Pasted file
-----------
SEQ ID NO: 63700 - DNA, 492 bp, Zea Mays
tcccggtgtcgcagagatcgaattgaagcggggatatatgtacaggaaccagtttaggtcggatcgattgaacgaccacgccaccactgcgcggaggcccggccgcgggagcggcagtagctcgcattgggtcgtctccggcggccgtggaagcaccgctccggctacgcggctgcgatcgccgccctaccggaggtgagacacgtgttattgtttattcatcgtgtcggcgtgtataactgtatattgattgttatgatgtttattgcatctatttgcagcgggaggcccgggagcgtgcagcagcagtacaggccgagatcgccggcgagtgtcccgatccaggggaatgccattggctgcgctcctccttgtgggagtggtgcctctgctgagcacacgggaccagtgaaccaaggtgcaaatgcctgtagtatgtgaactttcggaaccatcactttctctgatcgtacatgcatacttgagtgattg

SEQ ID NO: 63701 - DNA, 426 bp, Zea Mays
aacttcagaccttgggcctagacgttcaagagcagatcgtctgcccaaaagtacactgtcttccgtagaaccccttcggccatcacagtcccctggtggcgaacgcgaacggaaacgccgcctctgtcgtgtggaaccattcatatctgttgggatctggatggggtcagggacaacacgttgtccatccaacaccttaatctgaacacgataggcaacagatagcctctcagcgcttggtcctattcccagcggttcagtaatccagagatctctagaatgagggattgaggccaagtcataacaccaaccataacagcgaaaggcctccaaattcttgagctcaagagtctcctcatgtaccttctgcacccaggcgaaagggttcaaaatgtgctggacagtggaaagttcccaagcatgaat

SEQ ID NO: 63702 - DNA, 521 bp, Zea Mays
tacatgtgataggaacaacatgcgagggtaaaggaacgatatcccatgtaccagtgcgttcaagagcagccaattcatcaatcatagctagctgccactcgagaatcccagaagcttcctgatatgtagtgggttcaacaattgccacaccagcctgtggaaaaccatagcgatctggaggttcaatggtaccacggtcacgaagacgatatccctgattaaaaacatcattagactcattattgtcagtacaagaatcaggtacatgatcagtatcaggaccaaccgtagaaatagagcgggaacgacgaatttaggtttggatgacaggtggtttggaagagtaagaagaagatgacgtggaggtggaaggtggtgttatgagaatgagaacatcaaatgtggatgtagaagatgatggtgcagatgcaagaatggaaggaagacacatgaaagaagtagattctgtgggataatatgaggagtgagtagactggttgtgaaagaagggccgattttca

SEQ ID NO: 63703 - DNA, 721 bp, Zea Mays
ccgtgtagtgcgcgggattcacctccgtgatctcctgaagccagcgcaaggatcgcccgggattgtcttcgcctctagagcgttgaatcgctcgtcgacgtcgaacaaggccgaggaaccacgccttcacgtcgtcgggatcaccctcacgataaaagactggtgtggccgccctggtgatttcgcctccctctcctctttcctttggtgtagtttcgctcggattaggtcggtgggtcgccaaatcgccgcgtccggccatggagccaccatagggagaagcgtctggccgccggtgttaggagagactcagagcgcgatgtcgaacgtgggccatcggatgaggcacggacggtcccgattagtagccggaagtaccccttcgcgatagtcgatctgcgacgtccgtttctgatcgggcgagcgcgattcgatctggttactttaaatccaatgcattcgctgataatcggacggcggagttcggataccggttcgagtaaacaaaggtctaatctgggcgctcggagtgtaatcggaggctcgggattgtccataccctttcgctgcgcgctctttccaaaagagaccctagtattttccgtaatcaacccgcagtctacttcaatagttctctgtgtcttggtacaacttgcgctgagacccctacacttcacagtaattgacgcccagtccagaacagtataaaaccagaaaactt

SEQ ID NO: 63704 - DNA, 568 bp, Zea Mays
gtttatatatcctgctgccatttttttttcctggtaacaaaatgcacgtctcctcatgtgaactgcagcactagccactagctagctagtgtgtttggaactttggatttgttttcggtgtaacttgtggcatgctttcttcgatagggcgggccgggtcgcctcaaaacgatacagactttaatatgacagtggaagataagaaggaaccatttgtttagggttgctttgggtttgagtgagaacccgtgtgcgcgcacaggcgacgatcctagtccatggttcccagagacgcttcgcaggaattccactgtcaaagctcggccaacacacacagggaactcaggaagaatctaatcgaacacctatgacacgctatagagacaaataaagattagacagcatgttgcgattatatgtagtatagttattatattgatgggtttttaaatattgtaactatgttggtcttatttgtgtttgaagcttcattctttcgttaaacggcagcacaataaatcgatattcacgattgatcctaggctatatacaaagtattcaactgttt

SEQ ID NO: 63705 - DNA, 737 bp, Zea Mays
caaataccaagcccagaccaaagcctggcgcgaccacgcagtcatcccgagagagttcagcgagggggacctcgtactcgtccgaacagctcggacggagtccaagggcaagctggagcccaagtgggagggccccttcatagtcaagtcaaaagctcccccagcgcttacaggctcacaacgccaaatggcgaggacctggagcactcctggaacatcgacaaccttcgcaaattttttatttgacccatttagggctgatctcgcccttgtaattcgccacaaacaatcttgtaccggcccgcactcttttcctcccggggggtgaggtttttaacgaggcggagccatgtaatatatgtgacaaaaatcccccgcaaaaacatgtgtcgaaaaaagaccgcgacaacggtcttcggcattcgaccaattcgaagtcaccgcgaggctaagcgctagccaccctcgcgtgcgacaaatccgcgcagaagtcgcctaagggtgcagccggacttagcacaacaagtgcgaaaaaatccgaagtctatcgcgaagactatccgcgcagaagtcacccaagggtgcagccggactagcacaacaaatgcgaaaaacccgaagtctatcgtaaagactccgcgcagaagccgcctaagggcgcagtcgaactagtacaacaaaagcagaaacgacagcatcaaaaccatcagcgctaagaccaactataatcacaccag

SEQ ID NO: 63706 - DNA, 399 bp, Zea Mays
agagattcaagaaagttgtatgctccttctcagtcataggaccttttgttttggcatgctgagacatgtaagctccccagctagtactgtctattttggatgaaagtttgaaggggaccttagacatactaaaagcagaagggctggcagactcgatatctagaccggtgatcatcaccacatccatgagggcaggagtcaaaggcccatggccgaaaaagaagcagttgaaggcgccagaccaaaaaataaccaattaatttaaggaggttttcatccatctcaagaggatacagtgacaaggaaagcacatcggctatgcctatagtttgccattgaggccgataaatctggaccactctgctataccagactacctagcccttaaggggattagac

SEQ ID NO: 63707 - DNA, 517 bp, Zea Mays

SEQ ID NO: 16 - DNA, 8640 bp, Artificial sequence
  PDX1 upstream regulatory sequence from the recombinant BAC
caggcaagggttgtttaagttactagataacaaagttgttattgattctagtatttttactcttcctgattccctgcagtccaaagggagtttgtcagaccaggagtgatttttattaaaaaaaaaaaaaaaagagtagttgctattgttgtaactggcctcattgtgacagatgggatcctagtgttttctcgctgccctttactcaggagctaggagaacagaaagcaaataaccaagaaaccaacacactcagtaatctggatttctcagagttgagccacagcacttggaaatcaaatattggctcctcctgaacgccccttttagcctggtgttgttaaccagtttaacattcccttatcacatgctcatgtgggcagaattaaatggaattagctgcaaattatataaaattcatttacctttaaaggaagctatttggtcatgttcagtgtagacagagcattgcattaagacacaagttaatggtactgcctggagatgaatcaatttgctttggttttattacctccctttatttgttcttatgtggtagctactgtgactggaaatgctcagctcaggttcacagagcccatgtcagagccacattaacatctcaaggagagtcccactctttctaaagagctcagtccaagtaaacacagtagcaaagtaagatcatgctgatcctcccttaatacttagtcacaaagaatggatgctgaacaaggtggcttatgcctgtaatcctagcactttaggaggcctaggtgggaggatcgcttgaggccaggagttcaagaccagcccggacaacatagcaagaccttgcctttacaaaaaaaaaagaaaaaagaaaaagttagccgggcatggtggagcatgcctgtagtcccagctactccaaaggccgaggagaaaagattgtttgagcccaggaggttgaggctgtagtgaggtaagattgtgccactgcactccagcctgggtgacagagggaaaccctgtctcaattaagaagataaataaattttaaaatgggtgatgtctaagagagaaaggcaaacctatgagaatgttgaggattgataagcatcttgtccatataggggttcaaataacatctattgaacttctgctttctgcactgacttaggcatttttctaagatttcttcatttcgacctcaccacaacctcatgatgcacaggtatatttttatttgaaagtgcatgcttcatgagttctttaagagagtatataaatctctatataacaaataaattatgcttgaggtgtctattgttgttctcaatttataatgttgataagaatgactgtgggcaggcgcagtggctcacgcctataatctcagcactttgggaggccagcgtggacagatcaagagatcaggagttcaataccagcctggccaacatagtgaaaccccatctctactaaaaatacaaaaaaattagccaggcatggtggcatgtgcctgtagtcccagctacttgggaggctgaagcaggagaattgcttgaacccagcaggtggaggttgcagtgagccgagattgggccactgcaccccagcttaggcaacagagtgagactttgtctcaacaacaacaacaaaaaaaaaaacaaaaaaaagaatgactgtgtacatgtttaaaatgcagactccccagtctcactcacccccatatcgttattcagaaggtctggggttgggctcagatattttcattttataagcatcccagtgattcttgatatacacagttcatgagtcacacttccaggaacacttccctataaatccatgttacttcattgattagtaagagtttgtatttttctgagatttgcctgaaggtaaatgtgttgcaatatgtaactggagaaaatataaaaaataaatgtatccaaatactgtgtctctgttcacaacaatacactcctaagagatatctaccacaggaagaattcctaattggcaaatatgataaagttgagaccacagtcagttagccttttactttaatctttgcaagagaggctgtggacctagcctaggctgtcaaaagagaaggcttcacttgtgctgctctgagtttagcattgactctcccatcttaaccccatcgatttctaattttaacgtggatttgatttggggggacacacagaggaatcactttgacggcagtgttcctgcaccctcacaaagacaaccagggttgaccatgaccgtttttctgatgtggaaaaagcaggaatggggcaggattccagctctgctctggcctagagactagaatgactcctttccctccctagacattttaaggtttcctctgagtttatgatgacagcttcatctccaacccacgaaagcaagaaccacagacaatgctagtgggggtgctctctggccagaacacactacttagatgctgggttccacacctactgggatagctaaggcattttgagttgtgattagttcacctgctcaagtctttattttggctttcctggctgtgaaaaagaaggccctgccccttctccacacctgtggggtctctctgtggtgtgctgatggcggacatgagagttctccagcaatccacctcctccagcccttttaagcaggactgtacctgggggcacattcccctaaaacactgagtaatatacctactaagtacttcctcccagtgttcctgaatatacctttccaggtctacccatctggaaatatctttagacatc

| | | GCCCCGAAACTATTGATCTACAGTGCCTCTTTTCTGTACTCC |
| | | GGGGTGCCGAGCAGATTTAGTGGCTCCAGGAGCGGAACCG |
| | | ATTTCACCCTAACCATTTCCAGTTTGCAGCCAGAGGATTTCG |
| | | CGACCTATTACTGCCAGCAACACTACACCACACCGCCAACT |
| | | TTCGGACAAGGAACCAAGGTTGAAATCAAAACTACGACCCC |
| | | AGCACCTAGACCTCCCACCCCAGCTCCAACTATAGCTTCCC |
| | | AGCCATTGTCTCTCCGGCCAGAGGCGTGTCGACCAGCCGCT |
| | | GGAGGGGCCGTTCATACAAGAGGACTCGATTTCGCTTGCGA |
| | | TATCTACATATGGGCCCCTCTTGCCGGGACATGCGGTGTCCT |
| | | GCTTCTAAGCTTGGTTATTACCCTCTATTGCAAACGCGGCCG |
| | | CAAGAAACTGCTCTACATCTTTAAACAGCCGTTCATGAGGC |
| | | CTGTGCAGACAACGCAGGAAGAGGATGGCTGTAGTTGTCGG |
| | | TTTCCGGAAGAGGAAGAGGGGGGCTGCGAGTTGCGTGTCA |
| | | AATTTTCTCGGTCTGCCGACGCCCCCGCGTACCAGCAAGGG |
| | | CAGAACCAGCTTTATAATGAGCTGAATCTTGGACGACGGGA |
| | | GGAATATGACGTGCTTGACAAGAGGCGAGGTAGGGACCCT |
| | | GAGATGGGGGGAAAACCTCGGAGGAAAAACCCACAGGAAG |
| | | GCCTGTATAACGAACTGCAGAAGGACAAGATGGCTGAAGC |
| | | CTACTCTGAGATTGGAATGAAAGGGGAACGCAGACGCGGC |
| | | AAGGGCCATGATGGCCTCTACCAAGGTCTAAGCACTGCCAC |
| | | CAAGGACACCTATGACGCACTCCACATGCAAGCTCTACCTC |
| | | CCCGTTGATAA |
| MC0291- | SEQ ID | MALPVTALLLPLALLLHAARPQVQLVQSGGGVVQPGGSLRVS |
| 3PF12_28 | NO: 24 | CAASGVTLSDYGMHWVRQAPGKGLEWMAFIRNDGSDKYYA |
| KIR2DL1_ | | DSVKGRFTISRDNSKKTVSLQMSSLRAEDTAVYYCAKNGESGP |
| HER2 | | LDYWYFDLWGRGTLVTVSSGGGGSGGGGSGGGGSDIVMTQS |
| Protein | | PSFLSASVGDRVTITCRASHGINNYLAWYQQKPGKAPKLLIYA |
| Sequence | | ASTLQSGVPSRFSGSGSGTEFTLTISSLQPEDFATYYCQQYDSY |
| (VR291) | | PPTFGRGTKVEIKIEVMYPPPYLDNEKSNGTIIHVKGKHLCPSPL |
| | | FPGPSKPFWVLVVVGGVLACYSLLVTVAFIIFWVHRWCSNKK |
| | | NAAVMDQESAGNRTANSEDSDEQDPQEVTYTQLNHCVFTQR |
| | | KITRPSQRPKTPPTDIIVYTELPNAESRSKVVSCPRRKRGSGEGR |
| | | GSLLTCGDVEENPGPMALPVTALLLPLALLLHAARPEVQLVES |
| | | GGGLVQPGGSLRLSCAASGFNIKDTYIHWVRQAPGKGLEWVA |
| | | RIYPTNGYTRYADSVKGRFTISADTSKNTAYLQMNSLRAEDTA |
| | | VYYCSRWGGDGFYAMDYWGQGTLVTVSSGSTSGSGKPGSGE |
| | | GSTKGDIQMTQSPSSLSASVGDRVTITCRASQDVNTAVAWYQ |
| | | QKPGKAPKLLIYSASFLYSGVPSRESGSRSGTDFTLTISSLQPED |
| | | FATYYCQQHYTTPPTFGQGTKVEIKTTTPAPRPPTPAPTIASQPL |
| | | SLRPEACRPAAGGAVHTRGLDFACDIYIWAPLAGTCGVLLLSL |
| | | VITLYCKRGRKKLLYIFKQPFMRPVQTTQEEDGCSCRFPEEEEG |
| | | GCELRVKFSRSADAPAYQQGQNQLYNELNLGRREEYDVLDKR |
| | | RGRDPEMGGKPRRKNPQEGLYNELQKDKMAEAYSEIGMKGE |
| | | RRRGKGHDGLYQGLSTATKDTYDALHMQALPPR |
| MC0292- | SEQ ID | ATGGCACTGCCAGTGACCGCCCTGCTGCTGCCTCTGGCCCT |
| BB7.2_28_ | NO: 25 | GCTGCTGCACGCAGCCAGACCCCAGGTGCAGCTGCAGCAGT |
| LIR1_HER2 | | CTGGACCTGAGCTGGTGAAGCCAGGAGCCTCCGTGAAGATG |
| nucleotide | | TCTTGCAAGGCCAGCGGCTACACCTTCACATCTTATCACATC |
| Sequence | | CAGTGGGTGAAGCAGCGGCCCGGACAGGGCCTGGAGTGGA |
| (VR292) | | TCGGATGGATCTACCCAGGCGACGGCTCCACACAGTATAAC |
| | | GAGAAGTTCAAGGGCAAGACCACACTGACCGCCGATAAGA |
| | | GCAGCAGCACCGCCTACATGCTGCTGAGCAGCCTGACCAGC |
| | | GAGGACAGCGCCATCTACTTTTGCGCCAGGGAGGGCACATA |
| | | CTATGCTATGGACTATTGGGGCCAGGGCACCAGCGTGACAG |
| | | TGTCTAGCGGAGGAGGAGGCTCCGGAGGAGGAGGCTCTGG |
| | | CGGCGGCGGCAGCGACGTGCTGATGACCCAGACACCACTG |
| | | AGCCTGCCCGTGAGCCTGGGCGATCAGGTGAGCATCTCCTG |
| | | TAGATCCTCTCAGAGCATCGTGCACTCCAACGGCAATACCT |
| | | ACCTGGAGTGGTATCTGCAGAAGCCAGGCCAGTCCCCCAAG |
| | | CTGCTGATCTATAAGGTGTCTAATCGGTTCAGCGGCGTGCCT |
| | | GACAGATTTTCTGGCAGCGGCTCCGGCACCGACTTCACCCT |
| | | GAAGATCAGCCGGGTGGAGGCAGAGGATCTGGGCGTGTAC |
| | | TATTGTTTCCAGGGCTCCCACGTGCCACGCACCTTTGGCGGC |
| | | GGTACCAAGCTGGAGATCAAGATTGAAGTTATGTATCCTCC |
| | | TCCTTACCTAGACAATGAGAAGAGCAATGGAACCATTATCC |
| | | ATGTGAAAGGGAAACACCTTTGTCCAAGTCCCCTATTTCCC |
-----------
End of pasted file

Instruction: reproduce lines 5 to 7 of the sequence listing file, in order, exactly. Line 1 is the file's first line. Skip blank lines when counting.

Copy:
SEQ ID NO: 63702 - DNA, 521 bp, Zea Mays
tacatgtgataggaacaacatgcgagggtaaaggaacgatatcccatgtaccagtgcgttcaagagcagccaattcatcaatcatagctagctgccactcgagaatcccagaagcttcctgatatgtagtgggttcaacaattgccacaccagcctgtggaaaaccatagcgatctggaggttcaatggtaccacggtcacgaagacgatatccctgattaaaaacatcattagactcattattgtcagtacaagaatcaggtacatgatcagtatcaggaccaaccgtagaaatagagcgggaacgacgaatttaggtttggatgacaggtggtttggaagagtaagaagaagatgacgtggaggtggaaggtggtgttatgagaatgagaacatcaaatgtggatgtagaagatgatggtgcagatgcaagaatggaaggaagacacatgaaagaagtagattctgtgggataatatgaggagtgagtagactggttgtgaaagaagggccgattttca

SEQ ID NO: 63703 - DNA, 721 bp, Zea Mays